Having a deaf cat can seem like a complex task. In addition to their usual needs, you will have to learn new ways to communicate what you need! Also you will need best automatic pet feeder of Hazel’s choice.
Although it may seem difficult, the reality is not that complicated. Cats and humans are very adaptable beings, and with some consistency they will be able to understand each other without problems. In this article we will give you five tips for caring for a hearing impaired cat.
Some cats are born deaf and others become deaf in the course of their lives. The most common cause of non-congenital deafness in cats is age. Other causes may be conditions in the ear canal such as otitis.
There is evidence of a relationship between the pigmentation of the coat of domestic cats and the incidence of congenital hearing disorders. Not all white cats are deaf, but white cats with blue eyes are more likely to be congenitally deaf.
Symptoms of deafness in cats
To find out if your cat is or is becoming deaf, you should take her to the vet and pay attention to her behavior. A common symptom of deafness in cats is increased sleep time. This symptom can be somewhat confusing, as cats like to sleep.
A deaf cat may also seem more attentive. If you notice your cat’s unusual interest in you or other pets in the house, she may be watching your movements more carefully.
Many deaf cats look at your behavior or that of other animals to see what is happening around them. Other common signs may be
- Your kitten doesn’t notice when you enter the house.
- She doesn’t respond to everyday sounds, such as her name, loud noises and squeaky toys.
- She doesn’t wake up to loud noises, like the doorbell.
- Increased sensitivity to odors and temperature.
These are some of the possible signs of deafness in cats. Remember that if you have any doubts you should consult your vet.
Tips for caring for a deaf cat
Despite its condition, a deaf cat can be an excellent pet. In general, their care is similar to that of a normal cat. We only have to take into account certain details that will make their life easier and make the coexistence more bearable.
Cats that live inside still keep their wild instincts that make them believe that they are always being hunted. For this reason, it can cause a lot of stress if you always sneak up on your cat, even by accident.
It’s a good idea to use visual cues to tell your cat that you are coming. If she is asleep and you want to get her attention, make sure you cause some vibrations. Walk with a stomp or give a couple of strong pats. The shaking will alert her to your presence.
Educate your deaf cat
Even if they are slightly different, it is equally important to educate your deaf cat. As they are more in tune with visual stimuli, take advantage of this to use your body as a form of communication.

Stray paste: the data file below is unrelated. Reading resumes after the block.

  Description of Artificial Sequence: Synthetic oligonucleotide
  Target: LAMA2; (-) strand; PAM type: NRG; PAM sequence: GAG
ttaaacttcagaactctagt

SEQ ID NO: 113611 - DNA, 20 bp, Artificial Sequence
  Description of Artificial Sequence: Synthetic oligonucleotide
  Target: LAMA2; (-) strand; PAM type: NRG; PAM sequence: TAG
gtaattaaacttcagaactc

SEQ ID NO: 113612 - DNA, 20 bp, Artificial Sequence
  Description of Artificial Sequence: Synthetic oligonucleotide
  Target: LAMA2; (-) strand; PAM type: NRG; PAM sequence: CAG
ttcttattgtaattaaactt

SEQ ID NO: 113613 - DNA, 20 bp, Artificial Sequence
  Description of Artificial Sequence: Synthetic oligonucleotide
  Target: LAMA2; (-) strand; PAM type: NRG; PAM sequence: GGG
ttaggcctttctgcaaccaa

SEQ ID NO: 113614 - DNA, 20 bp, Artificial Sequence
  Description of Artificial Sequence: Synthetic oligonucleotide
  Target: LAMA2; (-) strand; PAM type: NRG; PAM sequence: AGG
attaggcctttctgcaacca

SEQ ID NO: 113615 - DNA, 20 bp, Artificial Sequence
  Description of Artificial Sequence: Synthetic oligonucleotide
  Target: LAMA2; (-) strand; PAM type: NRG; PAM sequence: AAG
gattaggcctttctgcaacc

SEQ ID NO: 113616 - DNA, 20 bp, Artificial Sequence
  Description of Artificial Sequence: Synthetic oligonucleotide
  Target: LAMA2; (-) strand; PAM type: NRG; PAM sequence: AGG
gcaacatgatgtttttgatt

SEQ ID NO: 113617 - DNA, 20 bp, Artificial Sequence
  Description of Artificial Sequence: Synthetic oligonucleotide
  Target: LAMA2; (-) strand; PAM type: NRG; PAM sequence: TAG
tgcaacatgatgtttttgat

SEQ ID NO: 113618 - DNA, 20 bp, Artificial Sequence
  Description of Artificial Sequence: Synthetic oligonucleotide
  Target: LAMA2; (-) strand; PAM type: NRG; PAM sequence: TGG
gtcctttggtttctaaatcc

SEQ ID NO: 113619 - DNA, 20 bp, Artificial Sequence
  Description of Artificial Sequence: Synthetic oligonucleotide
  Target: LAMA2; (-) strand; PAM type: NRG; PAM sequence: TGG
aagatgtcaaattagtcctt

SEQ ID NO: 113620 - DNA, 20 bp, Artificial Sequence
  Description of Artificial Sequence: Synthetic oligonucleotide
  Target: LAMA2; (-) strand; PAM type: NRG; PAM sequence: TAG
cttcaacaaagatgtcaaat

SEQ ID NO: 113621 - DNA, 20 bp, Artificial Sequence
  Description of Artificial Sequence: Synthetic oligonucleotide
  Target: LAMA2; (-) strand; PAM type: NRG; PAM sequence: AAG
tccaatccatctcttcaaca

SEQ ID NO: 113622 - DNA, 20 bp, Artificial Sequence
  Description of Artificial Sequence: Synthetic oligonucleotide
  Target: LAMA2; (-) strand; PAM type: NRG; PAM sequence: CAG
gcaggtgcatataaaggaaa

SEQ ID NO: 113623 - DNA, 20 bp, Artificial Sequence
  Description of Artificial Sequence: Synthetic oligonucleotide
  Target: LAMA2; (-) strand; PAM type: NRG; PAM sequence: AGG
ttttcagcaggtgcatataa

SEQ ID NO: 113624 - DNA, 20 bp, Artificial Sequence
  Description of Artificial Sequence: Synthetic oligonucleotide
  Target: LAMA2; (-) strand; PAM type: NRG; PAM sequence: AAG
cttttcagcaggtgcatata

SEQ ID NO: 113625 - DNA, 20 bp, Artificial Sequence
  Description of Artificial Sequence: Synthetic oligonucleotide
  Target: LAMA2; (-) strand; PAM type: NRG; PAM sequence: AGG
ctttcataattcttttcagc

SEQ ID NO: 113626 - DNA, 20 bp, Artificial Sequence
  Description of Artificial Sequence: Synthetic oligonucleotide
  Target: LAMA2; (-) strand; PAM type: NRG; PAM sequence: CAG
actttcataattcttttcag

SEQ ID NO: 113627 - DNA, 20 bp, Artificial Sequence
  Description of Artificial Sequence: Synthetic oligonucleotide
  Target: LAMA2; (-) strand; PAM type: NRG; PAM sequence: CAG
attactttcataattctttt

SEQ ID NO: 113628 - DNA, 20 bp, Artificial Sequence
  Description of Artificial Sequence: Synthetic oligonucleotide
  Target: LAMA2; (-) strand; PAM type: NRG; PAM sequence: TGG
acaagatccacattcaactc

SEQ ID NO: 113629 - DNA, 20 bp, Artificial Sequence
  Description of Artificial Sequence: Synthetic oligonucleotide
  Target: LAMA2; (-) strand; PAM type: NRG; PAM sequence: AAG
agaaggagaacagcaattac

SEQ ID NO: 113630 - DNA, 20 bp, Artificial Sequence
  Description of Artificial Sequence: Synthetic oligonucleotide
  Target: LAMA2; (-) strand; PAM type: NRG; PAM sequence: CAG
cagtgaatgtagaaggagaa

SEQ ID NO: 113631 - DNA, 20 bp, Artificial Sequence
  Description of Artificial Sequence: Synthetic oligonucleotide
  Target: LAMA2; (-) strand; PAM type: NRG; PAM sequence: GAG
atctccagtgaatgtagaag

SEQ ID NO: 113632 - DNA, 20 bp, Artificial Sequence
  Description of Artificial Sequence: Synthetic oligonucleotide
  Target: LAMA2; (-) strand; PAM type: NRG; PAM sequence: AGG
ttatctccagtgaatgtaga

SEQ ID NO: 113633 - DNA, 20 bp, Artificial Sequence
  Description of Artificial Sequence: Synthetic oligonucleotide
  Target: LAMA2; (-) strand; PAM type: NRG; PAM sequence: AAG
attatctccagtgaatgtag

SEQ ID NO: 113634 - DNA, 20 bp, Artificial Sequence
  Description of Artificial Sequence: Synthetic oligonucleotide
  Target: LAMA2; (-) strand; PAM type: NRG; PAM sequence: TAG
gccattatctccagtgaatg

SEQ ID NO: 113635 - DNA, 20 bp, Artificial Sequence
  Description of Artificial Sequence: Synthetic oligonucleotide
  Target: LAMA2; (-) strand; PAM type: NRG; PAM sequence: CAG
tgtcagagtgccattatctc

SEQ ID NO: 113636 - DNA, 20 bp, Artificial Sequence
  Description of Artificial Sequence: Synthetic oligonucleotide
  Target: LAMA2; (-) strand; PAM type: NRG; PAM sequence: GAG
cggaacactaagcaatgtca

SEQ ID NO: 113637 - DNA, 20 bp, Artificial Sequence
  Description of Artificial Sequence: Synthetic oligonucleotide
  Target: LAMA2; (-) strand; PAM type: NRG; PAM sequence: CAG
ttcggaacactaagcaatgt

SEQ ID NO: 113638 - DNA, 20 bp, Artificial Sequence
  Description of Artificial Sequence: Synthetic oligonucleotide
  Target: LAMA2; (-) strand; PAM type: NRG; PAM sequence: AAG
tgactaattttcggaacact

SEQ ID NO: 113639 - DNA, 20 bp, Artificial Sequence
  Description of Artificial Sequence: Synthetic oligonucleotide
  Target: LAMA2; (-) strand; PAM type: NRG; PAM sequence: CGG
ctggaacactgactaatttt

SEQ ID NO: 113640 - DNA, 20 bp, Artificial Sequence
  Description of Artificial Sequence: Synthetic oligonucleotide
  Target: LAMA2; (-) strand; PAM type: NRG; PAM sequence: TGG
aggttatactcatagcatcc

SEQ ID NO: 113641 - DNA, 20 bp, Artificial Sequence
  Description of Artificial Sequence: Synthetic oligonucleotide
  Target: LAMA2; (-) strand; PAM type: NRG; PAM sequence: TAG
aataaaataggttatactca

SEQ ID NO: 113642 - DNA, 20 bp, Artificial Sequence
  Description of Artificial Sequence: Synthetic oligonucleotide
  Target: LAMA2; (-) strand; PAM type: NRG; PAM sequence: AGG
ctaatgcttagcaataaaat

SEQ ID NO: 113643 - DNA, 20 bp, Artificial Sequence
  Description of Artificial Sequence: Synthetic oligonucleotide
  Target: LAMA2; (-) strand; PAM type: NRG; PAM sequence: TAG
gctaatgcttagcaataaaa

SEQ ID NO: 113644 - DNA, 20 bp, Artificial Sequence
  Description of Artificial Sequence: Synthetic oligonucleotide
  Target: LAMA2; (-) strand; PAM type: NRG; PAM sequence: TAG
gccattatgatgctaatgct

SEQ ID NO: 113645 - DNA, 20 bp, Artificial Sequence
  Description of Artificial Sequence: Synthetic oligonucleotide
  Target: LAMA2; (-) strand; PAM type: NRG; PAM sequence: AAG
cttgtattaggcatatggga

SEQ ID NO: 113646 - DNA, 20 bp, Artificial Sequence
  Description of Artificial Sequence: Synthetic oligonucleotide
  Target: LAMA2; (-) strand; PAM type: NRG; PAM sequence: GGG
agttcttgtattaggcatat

When she looks at you, bend down towards the ground and reach out your hand to call her. Reinforce her instinct to approach you by using a small treat.
You can stand up and wave your arms above your head as you approach to communicate your displeasure when he jumps on top of the kitchen.
Also, you can teach a deaf cat not to jump on a table or on top of it by using a squirt bottle filled with water to wet it a little. A squirt of water is not painful and attracts the cat’s attention if it is looking away. Also, according to some experts, it can help correct the behavior without making the cat afraid of you.
Keeping your deaf cat safe
There are too many outdoor threats for a deaf cat. They can’t hear barking dogs, car horns, or people screaming.
For these reasons, it is important to provide a comfortable resting area next to a window where they can look out and see everything that is happening. If you have enough space, it is ideal that you have access to a cage for cats in the yard. There you can breathe the fresh air and see other animals.
It is also an option to teach him to walk on a leash. He’ll have a lot of fun walking around the neighborhood while staying safe – he’ll learn faster than you think!
Find him company
All cats benefit from having other pets around them, particularly other kittens. This is especially true for deaf cats. In general, under these conditions, cats will take clues from other animals’ behavior to know what is happening.
Ideally, you should have two cats from a young age to facilitate coexistence when both are older. If you have a deaf cat and would like to bring a new one to keep him/her company, it is important to make sure that the character is compatible.
Also, you should understand that both will go through an adaptation period. This can take from a few days to months. If you have made the right choice and provided them with adequate amounts of exercise, both cats will be happy to have a new friend.
Establish a routine
Cats are fussy creatures who love routine and reliability. This is even more true when your cat is missing one of her senses. To avoid disorientation and stress, keep up with a reliable meal routine and avoid rearranging furniture.
By creating a schedule and following it, you can quickly teach a deaf cat important household routines. Your cat can learn when meals occur and where to feed.
Cats, deaf or not, are still happy pets. In general, making simple adaptations for a hearing impaired pet is not difficult.
By opening your home to a hearing impaired four-legged companion, you will discover an inseparable friend. You will both learn new ways to communicate!